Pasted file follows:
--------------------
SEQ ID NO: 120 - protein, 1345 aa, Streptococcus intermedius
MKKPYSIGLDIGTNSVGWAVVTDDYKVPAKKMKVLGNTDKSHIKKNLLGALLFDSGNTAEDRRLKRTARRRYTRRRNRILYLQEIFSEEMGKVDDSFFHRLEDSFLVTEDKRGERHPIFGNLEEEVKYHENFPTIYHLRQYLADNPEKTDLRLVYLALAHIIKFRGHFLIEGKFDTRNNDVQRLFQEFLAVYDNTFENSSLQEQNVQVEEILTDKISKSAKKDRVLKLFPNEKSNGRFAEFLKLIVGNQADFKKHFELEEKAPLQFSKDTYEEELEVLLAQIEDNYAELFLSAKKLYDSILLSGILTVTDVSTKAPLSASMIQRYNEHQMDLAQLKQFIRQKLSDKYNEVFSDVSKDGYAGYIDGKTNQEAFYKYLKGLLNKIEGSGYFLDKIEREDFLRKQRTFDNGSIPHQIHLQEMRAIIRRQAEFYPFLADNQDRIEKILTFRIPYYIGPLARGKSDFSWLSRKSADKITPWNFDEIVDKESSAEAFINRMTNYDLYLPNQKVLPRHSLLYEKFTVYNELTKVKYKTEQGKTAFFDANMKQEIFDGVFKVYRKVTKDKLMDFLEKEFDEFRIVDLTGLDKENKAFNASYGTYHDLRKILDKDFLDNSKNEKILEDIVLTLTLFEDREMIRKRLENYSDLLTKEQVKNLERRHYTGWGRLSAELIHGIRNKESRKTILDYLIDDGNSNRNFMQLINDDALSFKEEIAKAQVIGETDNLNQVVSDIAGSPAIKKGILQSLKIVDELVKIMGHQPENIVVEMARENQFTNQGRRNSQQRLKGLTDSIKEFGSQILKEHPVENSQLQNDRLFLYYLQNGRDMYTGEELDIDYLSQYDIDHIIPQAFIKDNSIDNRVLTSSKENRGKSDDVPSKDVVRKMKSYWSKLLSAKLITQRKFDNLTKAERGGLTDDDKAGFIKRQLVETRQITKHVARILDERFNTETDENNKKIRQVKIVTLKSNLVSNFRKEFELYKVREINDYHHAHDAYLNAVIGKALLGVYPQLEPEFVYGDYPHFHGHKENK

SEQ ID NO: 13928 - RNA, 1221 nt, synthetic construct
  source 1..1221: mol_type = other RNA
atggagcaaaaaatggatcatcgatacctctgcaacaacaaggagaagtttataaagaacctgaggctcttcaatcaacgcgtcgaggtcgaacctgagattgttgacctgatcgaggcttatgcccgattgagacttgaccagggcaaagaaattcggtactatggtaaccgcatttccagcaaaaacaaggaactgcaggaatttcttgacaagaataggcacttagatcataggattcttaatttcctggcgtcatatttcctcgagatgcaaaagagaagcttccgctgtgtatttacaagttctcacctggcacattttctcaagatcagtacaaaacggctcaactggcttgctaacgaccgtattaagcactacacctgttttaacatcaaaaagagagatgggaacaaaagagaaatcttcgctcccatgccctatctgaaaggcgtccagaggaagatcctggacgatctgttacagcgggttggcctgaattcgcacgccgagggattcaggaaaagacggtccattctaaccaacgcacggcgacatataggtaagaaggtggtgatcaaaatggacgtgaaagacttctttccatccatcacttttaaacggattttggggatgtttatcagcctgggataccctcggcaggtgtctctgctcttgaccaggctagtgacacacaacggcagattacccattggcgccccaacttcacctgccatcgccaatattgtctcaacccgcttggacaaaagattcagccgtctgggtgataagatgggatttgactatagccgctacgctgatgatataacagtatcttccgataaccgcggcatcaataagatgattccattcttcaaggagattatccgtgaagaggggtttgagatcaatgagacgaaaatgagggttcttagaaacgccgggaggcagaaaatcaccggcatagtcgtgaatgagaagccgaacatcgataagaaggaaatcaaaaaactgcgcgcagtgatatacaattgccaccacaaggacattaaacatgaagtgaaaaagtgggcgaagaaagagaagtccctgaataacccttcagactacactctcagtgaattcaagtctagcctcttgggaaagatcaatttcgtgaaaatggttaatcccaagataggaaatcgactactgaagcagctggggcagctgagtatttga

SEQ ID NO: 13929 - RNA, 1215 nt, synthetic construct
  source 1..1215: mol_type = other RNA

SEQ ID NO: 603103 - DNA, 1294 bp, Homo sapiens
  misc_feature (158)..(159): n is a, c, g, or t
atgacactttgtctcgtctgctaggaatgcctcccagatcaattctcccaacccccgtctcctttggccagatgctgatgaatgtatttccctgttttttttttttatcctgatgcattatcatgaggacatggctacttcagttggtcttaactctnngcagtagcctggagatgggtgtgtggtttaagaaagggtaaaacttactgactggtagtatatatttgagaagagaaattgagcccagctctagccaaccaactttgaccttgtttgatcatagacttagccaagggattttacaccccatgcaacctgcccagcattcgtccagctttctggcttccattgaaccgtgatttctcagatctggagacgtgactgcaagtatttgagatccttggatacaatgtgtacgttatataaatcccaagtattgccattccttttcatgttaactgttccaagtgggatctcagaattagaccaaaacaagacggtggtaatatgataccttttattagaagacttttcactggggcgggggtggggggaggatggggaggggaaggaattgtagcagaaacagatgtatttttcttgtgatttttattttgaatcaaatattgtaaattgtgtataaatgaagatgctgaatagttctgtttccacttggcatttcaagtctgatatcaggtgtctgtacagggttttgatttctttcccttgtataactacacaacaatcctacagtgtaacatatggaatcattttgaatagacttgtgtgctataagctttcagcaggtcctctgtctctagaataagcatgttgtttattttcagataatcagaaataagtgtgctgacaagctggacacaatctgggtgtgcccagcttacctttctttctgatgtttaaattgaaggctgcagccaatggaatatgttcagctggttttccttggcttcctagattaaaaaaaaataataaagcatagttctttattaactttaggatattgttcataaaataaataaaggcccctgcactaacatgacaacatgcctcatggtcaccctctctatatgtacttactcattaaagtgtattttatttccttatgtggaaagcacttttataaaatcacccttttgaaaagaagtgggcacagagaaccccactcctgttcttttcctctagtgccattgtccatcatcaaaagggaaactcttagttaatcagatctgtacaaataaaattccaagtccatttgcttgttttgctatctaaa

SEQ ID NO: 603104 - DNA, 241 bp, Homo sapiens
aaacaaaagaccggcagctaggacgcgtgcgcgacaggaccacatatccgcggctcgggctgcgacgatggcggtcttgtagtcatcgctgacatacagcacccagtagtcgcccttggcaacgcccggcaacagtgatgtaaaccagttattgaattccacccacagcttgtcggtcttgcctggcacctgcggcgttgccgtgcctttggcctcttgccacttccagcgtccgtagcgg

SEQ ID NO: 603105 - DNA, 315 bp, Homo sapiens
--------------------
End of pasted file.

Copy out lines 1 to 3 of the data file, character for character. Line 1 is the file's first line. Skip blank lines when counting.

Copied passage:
SEQ ID NO: 120 - protein, 1345 aa, Streptococcus intermedius
MKKPYSIGLDIGTNSVGWAVVTDDYKVPAKKMKVLGNTDKSHIKKNLLGALLFDSGNTAEDRRLKRTARRRYTRRRNRILYLQEIFSEEMGKVDDSFFHRLEDSFLVTEDKRGERHPIFGNLEEEVKYHENFPTIYHLRQYLADNPEKTDLRLVYLALAHIIKFRGHFLIEGKFDTRNNDVQRLFQEFLAVYDNTFENSSLQEQNVQVEEILTDKISKSAKKDRVLKLFPNEKSNGRFAEFLKLIVGNQADFKKHFELEEKAPLQFSKDTYEEELEVLLAQIEDNYAELFLSAKKLYDSILLSGILTVTDVSTKAPLSASMIQRYNEHQMDLAQLKQFIRQKLSDKYNEVFSDVSKDGYAGYIDGKTNQEAFYKYLKGLLNKIEGSGYFLDKIEREDFLRKQRTFDNGSIPHQIHLQEMRAIIRRQAEFYPFLADNQDRIEKILTFRIPYYIGPLARGKSDFSWLSRKSADKITPWNFDEIVDKESSAEAFINRMTNYDLYLPNQKVLPRHSLLYEKFTVYNELTKVKYKTEQGKTAFFDANMKQEIFDGVFKVYRKVTKDKLMDFLEKEFDEFRIVDLTGLDKENKAFNASYGTYHDLRKILDKDFLDNSKNEKILEDIVLTLTLFEDREMIRKRLENYSDLLTKEQVKNLERRHYTGWGRLSAELIHGIRNKESRKTILDYLIDDGNSNRNFMQLINDDALSFKEEIAKAQVIGETDNLNQVVSDIAGSPAIKKGILQSLKIVDELVKIMGHQPENIVVEMARENQFTNQGRRNSQQRLKGLTDSIKEFGSQILKEHPVENSQLQNDRLFLYYLQNGRDMYTGEELDIDYLSQYDIDHIIPQAFIKDNSIDNRVLTSSKENRGKSDDVPSKDVVRKMKSYWSKLLSAKLITQRKFDNLTKAERGGLTDDDKAGFIKRQLVETRQITKHVARILDERFNTETDENNKKIRQVKIVTLKSNLVSNFRKEFELYKVREINDYHHAHDAYLNAVIGKALLGVYPQLEPEFVYGDYPHFHGHKENK

SEQ ID NO: 13928 - RNA, 1221 nt, synthetic construct